All Is Not Lost In Kerala Floods As Rare Neelakurinji Flower Envelopes Munnar

(Last Updated On: September 6, 2018)

Kerala was hit by worst flood in 100 years, but all is not lost in the God’s Own Country.

Flood water is now receding in Kerala. Kochi airport is open and operational now, but the trails of destruction can be seen clearly all over the state. And from a distance, the Munnar hills are appearing to be enveloped in a purple hue. Yes, Neelakurinji in bloom again!

You may recall that Kerala was in the news well before the floods had hit it, owing to Neelakurinji, a rare flower which blooms only once in twelve years. This mysterious flower grows in abundance in Munnar and adjoining hilly areas.

And this is the 12th year and the blooming was expected in August after the first spell of monsoon rains recede. Unfortunately, as Munnar was preparing for its biggest ever tourist season on record ( with 8 lakh expected global tourists), the ill-fated flood hit the state. Rains and landslides cut off Munnar from rest of the state and even Neelakurinji flower, which has already bloomed, started decaying.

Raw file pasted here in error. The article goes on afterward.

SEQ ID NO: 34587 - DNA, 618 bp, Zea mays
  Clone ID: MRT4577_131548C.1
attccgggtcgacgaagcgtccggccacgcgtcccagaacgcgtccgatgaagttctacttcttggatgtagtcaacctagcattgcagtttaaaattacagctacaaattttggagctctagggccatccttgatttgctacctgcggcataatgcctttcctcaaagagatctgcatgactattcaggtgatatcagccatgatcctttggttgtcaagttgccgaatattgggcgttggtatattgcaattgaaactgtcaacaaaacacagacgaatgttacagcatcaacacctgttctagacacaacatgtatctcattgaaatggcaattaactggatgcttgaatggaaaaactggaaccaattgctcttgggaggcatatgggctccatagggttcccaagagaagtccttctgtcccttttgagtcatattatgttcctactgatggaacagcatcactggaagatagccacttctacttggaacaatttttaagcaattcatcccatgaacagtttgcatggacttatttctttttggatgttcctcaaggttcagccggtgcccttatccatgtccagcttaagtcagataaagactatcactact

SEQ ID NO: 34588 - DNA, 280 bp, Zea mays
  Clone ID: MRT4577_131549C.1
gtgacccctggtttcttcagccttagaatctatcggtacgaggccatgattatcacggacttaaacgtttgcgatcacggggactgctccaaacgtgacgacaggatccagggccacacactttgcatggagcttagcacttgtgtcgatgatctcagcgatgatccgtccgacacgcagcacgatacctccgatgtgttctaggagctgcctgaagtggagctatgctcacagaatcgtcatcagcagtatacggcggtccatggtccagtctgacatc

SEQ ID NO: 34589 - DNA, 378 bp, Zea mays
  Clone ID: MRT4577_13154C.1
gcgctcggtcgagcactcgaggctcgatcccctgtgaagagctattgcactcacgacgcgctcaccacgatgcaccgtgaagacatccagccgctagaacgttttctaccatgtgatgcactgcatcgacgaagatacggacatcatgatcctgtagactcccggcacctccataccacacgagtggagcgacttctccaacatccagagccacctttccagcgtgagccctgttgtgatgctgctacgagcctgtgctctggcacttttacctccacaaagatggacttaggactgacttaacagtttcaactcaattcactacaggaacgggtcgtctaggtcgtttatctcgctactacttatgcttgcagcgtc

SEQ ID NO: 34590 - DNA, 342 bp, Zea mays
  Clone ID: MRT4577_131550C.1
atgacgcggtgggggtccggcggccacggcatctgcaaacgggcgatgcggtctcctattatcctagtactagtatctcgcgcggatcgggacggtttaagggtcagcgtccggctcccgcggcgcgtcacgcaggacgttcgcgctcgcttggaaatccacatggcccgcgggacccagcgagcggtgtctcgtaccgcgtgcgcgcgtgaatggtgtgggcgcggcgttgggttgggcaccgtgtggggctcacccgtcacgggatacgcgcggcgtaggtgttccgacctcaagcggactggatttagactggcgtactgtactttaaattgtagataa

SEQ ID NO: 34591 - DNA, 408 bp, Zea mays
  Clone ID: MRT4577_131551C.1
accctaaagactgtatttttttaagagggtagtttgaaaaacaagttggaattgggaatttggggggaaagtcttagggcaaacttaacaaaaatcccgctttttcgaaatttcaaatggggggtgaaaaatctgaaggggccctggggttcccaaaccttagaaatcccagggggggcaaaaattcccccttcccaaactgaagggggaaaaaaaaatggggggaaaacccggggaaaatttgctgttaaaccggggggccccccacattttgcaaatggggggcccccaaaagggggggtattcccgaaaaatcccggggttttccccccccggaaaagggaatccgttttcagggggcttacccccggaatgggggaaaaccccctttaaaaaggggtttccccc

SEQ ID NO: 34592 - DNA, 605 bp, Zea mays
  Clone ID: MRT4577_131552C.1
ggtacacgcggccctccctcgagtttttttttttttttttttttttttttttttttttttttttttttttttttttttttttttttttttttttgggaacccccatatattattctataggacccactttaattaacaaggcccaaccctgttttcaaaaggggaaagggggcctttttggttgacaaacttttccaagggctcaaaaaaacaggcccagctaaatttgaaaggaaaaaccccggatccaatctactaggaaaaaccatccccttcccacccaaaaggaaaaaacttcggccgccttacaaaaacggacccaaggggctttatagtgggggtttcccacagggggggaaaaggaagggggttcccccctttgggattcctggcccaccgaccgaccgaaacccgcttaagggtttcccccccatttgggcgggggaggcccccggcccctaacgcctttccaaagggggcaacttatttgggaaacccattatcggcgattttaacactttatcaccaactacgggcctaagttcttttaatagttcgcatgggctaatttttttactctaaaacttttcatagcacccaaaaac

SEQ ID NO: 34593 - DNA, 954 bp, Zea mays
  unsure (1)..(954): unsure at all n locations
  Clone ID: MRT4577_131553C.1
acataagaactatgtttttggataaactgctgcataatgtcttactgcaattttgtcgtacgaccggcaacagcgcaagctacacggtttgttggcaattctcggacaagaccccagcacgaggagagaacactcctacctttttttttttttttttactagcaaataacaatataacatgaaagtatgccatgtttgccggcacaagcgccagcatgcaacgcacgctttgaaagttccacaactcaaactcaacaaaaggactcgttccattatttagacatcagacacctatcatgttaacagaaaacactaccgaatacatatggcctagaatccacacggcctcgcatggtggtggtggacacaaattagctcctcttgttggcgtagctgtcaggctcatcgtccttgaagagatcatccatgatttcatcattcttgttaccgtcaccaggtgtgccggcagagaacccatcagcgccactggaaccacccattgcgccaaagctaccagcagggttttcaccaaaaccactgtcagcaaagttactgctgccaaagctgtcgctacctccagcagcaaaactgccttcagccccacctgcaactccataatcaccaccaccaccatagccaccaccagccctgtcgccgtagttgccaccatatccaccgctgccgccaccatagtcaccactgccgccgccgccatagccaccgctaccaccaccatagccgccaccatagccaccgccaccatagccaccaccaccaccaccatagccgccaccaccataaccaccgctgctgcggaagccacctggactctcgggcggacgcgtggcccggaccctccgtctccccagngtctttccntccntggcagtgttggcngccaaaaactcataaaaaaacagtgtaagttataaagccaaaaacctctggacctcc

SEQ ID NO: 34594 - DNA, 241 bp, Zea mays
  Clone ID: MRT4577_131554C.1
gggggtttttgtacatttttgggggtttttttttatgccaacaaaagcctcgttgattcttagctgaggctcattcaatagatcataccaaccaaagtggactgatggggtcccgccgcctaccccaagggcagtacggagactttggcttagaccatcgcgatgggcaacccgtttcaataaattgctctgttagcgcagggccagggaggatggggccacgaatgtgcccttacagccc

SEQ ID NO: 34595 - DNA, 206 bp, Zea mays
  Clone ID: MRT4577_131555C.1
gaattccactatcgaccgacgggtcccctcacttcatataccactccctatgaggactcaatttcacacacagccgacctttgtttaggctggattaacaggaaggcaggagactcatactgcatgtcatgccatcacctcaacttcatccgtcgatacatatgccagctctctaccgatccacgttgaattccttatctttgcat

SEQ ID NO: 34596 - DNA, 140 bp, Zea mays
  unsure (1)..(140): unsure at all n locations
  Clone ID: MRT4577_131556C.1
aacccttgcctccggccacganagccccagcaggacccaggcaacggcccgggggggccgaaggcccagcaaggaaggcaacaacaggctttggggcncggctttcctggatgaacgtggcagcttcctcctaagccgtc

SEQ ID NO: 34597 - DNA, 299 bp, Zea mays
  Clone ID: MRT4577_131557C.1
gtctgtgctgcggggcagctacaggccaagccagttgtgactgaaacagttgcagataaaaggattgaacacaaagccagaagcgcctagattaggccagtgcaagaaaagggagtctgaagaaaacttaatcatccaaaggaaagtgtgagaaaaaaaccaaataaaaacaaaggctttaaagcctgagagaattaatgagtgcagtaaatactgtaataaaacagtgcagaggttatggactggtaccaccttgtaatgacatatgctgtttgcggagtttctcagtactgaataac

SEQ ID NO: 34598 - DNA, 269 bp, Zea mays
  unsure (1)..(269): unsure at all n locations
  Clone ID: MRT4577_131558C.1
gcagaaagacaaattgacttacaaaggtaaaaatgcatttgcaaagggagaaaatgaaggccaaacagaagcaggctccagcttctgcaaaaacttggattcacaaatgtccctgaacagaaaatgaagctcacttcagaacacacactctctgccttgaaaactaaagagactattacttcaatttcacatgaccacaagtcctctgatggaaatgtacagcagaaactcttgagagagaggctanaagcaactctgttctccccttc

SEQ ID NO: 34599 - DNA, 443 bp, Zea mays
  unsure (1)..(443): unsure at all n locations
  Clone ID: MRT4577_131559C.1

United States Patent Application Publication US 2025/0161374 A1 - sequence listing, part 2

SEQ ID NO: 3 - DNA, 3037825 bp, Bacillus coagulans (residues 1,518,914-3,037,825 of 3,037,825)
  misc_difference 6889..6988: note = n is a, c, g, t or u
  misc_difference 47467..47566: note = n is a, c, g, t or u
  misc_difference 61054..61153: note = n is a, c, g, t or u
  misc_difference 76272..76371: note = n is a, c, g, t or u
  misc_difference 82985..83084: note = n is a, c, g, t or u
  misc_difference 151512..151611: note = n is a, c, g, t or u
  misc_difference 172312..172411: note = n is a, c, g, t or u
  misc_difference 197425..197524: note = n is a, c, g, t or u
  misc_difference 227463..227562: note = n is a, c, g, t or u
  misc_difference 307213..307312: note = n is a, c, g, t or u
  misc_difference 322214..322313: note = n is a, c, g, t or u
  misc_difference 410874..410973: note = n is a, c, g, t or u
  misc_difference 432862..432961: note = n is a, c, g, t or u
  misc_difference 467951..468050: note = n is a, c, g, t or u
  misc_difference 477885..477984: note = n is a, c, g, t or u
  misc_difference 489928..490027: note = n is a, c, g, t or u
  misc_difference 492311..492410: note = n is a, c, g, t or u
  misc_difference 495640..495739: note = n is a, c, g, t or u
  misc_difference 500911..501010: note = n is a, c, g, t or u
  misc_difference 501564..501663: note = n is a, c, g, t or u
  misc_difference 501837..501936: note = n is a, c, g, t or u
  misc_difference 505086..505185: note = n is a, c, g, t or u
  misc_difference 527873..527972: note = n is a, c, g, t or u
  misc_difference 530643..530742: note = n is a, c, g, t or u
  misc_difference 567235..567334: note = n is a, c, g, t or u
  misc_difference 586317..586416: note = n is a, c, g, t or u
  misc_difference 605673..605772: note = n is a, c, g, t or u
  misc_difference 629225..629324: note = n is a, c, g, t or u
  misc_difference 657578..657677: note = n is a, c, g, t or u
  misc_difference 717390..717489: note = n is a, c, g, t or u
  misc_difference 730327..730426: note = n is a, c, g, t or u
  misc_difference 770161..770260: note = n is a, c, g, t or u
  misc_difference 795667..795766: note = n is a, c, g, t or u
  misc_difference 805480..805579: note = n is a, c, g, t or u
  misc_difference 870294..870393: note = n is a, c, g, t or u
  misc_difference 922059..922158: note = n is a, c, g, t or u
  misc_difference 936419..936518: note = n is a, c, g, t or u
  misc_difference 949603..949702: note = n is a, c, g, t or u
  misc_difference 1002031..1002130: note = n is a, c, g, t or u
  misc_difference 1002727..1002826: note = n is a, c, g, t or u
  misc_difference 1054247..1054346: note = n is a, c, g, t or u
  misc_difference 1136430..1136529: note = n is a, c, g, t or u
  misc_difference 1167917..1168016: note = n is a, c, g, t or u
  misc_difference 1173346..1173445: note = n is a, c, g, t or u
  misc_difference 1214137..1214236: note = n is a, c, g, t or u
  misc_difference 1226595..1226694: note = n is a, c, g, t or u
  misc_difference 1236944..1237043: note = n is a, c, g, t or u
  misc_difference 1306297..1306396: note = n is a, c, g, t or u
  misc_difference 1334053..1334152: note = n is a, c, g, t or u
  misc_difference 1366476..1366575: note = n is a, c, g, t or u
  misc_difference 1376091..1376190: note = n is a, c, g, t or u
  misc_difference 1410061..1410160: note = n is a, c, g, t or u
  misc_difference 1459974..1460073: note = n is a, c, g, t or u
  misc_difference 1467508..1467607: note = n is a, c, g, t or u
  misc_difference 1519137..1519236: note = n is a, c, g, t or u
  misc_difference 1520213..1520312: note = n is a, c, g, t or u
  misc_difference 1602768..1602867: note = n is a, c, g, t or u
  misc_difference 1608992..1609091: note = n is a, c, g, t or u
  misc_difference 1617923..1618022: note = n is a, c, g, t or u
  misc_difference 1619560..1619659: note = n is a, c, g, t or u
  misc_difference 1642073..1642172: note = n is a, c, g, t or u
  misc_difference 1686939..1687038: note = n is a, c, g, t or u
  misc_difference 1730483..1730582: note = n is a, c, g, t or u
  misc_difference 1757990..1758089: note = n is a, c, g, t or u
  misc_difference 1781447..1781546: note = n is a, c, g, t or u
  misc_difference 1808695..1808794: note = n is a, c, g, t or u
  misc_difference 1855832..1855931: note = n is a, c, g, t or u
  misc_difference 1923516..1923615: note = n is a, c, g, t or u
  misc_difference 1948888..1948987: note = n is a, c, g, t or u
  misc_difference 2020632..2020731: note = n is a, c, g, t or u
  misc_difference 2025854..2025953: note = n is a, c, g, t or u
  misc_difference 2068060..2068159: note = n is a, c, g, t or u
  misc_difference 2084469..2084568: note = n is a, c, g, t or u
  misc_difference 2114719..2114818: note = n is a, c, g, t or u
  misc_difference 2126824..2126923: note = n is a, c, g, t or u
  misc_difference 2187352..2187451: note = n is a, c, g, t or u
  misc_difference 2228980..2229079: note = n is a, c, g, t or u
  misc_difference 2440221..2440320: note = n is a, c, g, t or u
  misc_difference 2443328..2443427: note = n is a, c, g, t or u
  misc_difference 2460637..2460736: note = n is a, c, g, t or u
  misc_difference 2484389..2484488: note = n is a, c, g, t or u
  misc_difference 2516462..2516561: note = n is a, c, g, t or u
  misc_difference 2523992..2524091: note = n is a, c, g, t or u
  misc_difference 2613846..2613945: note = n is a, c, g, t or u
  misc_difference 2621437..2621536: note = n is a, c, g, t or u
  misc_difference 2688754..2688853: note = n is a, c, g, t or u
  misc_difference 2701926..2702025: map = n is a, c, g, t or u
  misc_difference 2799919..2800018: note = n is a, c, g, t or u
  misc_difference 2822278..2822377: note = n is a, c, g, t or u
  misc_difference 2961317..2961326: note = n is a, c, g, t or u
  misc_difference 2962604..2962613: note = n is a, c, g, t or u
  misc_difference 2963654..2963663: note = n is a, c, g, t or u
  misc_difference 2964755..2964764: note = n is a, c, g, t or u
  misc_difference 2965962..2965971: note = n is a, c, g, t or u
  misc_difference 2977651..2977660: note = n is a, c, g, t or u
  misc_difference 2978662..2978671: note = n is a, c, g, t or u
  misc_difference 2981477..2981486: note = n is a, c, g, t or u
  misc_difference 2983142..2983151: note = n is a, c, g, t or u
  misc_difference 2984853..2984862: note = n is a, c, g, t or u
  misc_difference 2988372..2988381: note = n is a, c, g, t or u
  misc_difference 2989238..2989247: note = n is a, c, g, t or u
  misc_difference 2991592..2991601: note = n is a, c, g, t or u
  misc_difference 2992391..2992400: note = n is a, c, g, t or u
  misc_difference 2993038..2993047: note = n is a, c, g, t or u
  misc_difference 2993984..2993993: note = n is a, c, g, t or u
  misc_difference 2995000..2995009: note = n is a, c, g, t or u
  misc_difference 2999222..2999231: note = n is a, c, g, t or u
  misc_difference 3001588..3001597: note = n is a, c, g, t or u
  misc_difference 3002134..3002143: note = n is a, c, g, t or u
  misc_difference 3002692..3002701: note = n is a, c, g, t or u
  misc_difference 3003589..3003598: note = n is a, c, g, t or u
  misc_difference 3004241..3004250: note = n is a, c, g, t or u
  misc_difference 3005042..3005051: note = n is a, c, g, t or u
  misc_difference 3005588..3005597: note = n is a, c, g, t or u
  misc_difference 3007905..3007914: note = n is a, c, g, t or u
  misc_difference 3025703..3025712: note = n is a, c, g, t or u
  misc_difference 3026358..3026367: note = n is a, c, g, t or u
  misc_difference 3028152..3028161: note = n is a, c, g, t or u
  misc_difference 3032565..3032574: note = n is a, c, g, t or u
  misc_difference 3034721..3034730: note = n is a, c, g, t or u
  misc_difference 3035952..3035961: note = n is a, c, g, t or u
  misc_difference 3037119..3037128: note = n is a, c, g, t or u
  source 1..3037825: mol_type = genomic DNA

Pic Credit: Twitter

But, here comes the good part. Neelakurinji has once again started blooming across Munnar. In the past one week,  the flower has been spotted blooming in Rajamala, Top Station, Kanthallur and Vattavada.

The massive flowering of Neelakurinji is also reported in the Marayur area is on the Anjunattampara hills and on Vellimala near the Ollavayal tribal settlement at Kanthallur.

As the weather will eventually improve, the flowers are expected to spread to more places. The floral season is likely to continue till October.

So what are you waiting for? Do not hold yourself back. The main bottleneck the Periyavarai bridge between Munnar and the ENP, that was badly affected,  is being repaired and is almost ready for traffic, The Hindu reported.

If you happen to visit Kerala this season, do check out the rock which has surfaced in the Muthirapuzha River at Kochi-Danushkodi bypass bridge, after the water receded. The mysterious rock appears to be in the shape of a human hand, which even has five fingers.

Pic Credit: India Times

Locals reportedly are claiming that it is the “hand of God” that saved Munnar from the floods. God’s hand or not, the sight in itself is a vision to behold!

Show More

Related Articles

Leave a Reply

Your email address will not be published. Required fields are marked *

Back to top button